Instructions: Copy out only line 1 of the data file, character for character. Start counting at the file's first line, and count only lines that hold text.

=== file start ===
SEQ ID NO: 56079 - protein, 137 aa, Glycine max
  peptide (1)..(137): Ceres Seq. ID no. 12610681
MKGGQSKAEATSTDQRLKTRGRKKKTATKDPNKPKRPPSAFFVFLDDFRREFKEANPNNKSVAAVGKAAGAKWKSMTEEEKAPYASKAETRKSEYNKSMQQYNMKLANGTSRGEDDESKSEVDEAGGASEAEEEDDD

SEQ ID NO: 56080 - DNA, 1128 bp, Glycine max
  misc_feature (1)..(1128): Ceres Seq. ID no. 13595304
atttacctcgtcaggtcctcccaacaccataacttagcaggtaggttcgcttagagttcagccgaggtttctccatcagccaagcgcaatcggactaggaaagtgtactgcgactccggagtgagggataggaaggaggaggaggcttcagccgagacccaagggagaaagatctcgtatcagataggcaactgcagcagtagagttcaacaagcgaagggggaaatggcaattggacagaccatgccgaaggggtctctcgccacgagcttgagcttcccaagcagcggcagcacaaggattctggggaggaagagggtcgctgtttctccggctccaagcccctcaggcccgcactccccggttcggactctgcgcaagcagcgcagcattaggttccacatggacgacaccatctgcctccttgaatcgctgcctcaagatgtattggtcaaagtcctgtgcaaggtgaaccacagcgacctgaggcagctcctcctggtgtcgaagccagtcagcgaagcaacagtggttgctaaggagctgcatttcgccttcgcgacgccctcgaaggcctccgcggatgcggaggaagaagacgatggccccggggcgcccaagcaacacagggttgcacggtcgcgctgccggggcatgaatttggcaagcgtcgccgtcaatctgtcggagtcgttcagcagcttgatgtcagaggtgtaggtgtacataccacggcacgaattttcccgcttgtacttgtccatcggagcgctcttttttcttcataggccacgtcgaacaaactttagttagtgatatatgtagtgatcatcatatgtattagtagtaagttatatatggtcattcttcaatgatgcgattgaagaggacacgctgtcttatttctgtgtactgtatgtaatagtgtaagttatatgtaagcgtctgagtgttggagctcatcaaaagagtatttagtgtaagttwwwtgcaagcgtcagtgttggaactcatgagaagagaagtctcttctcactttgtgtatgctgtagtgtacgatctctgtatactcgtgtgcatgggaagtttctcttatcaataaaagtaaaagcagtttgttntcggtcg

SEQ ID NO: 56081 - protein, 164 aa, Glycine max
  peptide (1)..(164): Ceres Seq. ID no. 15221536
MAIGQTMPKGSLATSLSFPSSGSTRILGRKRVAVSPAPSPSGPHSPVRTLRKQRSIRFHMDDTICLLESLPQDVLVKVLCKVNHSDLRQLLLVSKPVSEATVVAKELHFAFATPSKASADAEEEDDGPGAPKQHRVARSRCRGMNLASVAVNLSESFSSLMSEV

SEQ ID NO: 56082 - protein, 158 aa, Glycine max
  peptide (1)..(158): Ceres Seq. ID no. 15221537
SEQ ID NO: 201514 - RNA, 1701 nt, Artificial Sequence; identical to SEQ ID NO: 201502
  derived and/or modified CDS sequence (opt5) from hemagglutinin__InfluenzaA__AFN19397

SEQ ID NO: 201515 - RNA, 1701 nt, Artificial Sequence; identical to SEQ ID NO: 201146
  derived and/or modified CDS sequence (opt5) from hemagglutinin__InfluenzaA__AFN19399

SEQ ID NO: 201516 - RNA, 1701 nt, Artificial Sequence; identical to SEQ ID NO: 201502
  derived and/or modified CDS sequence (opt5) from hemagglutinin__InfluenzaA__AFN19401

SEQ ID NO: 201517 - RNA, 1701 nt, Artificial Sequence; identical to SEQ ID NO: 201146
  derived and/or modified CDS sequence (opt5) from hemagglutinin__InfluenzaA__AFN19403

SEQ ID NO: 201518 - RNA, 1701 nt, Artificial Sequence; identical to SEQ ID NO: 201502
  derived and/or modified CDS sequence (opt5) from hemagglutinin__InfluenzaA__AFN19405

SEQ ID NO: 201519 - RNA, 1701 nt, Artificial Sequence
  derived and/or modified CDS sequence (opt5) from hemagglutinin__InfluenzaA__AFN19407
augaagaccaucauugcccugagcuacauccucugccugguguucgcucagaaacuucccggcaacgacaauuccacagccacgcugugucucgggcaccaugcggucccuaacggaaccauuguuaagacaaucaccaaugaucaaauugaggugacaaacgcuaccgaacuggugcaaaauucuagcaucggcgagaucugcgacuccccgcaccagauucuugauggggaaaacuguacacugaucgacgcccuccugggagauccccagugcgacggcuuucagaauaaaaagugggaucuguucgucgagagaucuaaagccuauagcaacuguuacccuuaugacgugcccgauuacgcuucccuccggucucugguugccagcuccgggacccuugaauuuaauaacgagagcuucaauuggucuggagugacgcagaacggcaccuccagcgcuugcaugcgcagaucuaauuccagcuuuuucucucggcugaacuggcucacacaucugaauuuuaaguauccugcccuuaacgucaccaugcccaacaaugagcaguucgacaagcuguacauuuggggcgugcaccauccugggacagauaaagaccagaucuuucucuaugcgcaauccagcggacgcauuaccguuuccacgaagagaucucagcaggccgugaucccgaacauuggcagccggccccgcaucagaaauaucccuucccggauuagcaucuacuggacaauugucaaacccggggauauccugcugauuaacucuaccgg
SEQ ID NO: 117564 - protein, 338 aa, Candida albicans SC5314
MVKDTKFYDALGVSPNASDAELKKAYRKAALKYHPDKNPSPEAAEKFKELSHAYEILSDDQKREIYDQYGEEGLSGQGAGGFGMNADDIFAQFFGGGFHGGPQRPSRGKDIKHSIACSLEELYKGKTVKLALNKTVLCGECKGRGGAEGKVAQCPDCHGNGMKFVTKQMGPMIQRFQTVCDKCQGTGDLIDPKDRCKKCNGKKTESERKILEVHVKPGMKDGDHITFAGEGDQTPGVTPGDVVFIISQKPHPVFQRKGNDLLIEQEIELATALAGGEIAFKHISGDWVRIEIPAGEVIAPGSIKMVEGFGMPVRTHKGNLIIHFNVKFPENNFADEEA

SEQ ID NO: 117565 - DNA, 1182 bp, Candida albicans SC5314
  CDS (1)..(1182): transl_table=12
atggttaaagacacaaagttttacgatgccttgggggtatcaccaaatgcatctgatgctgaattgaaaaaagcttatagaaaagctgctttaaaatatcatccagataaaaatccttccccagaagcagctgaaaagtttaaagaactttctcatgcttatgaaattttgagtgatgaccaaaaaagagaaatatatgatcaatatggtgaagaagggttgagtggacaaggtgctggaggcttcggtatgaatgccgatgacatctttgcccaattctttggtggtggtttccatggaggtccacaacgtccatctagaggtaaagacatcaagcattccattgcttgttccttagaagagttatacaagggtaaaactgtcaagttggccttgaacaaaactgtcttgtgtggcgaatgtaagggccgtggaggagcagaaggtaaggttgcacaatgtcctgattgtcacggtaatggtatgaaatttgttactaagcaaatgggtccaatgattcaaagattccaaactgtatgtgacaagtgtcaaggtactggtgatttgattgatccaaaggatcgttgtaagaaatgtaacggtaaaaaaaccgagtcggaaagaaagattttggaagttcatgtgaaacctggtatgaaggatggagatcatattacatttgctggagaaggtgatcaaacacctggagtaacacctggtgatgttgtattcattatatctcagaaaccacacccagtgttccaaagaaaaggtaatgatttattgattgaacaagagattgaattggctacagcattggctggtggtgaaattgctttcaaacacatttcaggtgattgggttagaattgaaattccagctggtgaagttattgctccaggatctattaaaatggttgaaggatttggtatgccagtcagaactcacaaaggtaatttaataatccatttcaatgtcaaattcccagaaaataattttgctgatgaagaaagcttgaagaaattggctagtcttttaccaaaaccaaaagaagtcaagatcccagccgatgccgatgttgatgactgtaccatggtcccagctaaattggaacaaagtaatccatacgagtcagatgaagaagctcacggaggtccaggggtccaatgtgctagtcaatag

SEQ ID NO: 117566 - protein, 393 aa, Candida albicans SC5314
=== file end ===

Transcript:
SEQ ID NO: 56079 - protein, 137 aa, Glycine max